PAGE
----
Measure spaces, -algebras, -systems and uniqueness of extension, statement and proof of
Caratheodorys extension theorem. Construction of Lebesgue measure on R. The Borel -algebra
of R. Existence of non-measurable subsets of R. Lebesgue-Stieltjes measures and probability distri-
bution functions. Independence of events, independence of -algebras. The BorelCantelli lemmas.
Kolmogorovs zero-one law. [6]
Measurable functions, random variables, independence of random variables. Construction of the in-
tegral, expectation. Convergence in measure and convergence almost everywhere. Fatous lemma,
monotone and dominated convergence, dierentiation under the integral sign. Discussion of product
measure and statement of Fubinis theorem. [6]
Chebyshevs inequality, tail estimates. Jensens inequality. Completeness of L
p
for 1 p . The
Holder and Minkowski inequalities, uniform integrability. [4]
L
2
as a Hilbert space. Orthogonal projection, relation with elementary conditional probability. Variance
and covariance. Gaussian random variables, the multivariate normal distribution. [2]
The strong law of large numbers, proof for independent random variables with bounded fourth moments.
Measure preserving transformations, Bernoulli shifts. Statements and proofs of maximal ergodic
theorem and Birkhos almost everywhere ergodic theorem, proof of the strong law. [4]
The Fourier transform of a nite measure, characteristic functions, uniqueness and inversion. Weak
convergence, statement of Levys convergence theorem for characteristic functions. The central limit
theorem. [2]
Appropriate books
P. Billingsley Probability and Measure. Wiley 1995 (67.95 hardback)
R.M. Dudley Real Analysis and Probability. Cambridge University Press 2002 (32.95 paperback)
R.T. Durrett Probability: Theory and Examples. Wadsworth and Brooks/Cole 1991 (55 )
D. Williams Probability with Martingales. Cambridge University Press (20.95 paperback)
APPLIED PROBABILITY (D) 24 lectures, Lent term
Markov Chains is essential
Finite-state continuous-time Markov chains: basic properties. Q-matrix, backward and forward equa-
tions. The homogeneous Poisson process and its properties (thinning, superposition). Birth and death
processes. [6]
General continuous-time Markov chains. Jump chains. Explosion. Minimal Chains. Communicating
classes. Hitting times and probabilities. Recurrence and transience. Positive and null recurrence.
Convergence to equilibrium. Reversibility. [6]
Applications: the M/M/1 and M/M/ queues. Burkes theorem. Jacksons theorem for queueing
networks. The M/G/1 queue. [4]
Renewal theory: renewal theorems, equilibrium theory (proof of convergence only in discrete time).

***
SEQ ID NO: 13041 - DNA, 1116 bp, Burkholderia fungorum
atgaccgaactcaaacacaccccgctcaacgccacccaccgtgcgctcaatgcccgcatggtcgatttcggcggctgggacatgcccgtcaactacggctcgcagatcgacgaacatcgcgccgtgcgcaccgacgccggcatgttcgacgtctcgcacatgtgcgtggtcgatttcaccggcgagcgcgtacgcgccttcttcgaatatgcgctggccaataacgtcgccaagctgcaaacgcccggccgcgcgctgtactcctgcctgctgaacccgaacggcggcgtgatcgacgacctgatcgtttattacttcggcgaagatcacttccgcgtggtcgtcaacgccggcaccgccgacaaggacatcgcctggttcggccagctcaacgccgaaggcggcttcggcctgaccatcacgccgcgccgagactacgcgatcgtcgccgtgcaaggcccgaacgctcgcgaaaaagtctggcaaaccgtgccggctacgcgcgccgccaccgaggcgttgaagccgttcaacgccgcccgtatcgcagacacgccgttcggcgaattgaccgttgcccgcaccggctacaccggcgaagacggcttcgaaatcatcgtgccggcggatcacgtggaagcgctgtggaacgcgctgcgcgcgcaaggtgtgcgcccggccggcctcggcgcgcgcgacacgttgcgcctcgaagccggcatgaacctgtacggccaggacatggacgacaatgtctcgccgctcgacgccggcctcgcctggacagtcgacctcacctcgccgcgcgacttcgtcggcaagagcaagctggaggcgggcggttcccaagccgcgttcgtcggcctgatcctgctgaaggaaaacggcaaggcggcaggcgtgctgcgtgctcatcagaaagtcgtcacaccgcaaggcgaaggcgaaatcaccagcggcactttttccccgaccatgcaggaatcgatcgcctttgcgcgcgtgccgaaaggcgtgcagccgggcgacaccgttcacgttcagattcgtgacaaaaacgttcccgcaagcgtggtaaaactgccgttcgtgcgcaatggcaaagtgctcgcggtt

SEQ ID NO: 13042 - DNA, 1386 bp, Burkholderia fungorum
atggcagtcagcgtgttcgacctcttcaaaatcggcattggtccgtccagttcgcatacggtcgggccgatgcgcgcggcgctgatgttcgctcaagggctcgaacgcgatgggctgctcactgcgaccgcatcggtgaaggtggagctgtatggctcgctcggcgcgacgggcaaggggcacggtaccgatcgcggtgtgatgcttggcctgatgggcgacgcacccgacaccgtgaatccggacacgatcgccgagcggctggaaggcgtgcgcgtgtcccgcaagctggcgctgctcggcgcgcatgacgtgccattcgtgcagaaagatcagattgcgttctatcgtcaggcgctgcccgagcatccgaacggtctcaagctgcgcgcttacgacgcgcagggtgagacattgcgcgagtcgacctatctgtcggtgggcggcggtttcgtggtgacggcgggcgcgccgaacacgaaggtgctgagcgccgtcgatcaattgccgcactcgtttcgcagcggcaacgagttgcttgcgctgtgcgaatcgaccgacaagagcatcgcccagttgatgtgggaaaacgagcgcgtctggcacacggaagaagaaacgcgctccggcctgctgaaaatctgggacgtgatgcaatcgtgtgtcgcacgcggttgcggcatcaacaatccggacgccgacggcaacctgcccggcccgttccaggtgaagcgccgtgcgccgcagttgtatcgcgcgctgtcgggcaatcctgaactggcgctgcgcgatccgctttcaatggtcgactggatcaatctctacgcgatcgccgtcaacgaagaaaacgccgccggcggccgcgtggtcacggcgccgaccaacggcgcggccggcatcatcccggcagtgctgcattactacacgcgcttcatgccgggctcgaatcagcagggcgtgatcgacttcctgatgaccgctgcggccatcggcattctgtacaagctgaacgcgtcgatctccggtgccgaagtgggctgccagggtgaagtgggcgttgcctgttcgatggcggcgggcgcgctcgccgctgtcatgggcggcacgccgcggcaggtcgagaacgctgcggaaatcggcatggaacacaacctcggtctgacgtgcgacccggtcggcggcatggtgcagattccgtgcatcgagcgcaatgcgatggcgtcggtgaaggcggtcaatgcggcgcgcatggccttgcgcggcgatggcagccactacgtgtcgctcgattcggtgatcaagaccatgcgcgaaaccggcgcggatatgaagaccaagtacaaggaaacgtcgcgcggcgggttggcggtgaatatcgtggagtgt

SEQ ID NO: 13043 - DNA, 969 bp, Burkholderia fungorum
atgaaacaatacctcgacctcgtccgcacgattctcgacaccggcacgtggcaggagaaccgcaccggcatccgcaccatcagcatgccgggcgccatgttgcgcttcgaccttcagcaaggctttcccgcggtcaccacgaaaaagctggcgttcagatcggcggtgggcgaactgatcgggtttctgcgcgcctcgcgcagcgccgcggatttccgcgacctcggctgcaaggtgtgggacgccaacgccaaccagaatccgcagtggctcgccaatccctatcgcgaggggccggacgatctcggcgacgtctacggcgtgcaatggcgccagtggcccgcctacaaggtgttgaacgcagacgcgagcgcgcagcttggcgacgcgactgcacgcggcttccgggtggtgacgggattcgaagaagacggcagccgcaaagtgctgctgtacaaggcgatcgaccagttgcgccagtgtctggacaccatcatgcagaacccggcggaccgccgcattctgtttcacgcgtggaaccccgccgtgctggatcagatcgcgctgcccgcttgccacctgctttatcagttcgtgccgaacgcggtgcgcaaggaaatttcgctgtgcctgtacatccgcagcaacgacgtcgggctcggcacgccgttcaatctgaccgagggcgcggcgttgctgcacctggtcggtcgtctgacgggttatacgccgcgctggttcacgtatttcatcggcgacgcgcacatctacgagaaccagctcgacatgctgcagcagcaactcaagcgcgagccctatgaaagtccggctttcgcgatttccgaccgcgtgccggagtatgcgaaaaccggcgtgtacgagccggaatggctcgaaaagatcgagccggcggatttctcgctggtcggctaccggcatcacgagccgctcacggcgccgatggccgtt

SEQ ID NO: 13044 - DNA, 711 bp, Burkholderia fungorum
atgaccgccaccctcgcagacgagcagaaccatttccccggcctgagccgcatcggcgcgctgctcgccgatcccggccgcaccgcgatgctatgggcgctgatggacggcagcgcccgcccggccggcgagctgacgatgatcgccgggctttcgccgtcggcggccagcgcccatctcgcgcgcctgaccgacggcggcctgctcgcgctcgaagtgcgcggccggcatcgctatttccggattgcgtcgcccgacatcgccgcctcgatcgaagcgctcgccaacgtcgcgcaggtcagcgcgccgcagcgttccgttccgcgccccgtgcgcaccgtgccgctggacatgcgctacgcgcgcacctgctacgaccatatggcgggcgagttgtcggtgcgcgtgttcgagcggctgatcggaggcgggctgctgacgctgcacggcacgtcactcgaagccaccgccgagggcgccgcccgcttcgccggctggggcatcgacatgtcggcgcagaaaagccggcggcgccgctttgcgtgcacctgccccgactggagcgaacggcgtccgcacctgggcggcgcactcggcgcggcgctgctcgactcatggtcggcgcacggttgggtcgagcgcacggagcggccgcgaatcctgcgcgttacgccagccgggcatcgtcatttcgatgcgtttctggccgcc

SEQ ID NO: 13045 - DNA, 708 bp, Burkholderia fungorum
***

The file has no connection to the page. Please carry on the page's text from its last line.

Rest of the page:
Renewal-reward processes. Littles formula. [4]
Moran and Wright-Fisher models. Kingmanss coalescent. Innite sites and innite alleles models.
Ewens sampling formula. [4]
Appropriate books
G.R. Grimmett and D.R. Stirzaker Probability and Random Processes. OUP 2001 (29.95 paperback)
J.R. Norris Markov Chains. CUP 1997 (20.95 paperback)
R. Durrett Probability Models for DNA Sequences. Springer 2008 (45.00 paperback)
PART II 35
PRINCIPLES OF STATISTICS (D) 24 lectures, Michaelmas term
Part IB Statistics is essential
The Likelihood Principle
Basic inferential principles. Likelihood and score functions, Fisher information, Cramer-Rao lower
bound, review of multivariate normal distribution. Maximum likelihood estimators and their asymptotic
properties: stochastic convergence concepts, consistency, eciency, asymptotic normality. Wald, score
and likelihood ratio tests, condence sets, Wilks theorem, prole likelihood. Examples. [8]
Bayesian Inference
Prior and posterior distributions. Conjugate families, improper priors, predictive distributions. Asymp-
totic theory for posterior distributions. Point estimation, credible regions, hypothesis testing and Bayes
factors. [3]
Decision Theory
Basic elements of a decision problem, including loss and risk functions. Decision rules, admissibility,
minimax and Bayes rules. Finite decision problems, risk set. Stein estimator. [4]
Multivariate Analysis
Correlation coecient and distribution of its sample version in a bivariate normal population. Partial
correlation coecients. Classication problems, linear discriminant analysis. Principal component
analysis. [5]
Nonparametric Inference and Monte Carlo Techniques
Glivenko-Cantelli theorem, KolmogorovSmirnov tests and condence bands. Bootstrap methods: jack-
knife, roots (pivots), parametric and nonparametric bootstrap. Monte Carlo simulation and the Gibbs
sampler. [4]
Appropriate books
G. Casella and R.L. Berger Statistical Inference. Duxbury (2001) ()
A.W. van der Vaart Asymptotic Statistics. CUP (1998) ()
T.W. Anderson An introduction to multivariate statistical analysis. Wiley (2003) ()
E.L. Lehmann and G Casell Theory of Point estimation. Springer (1998) ()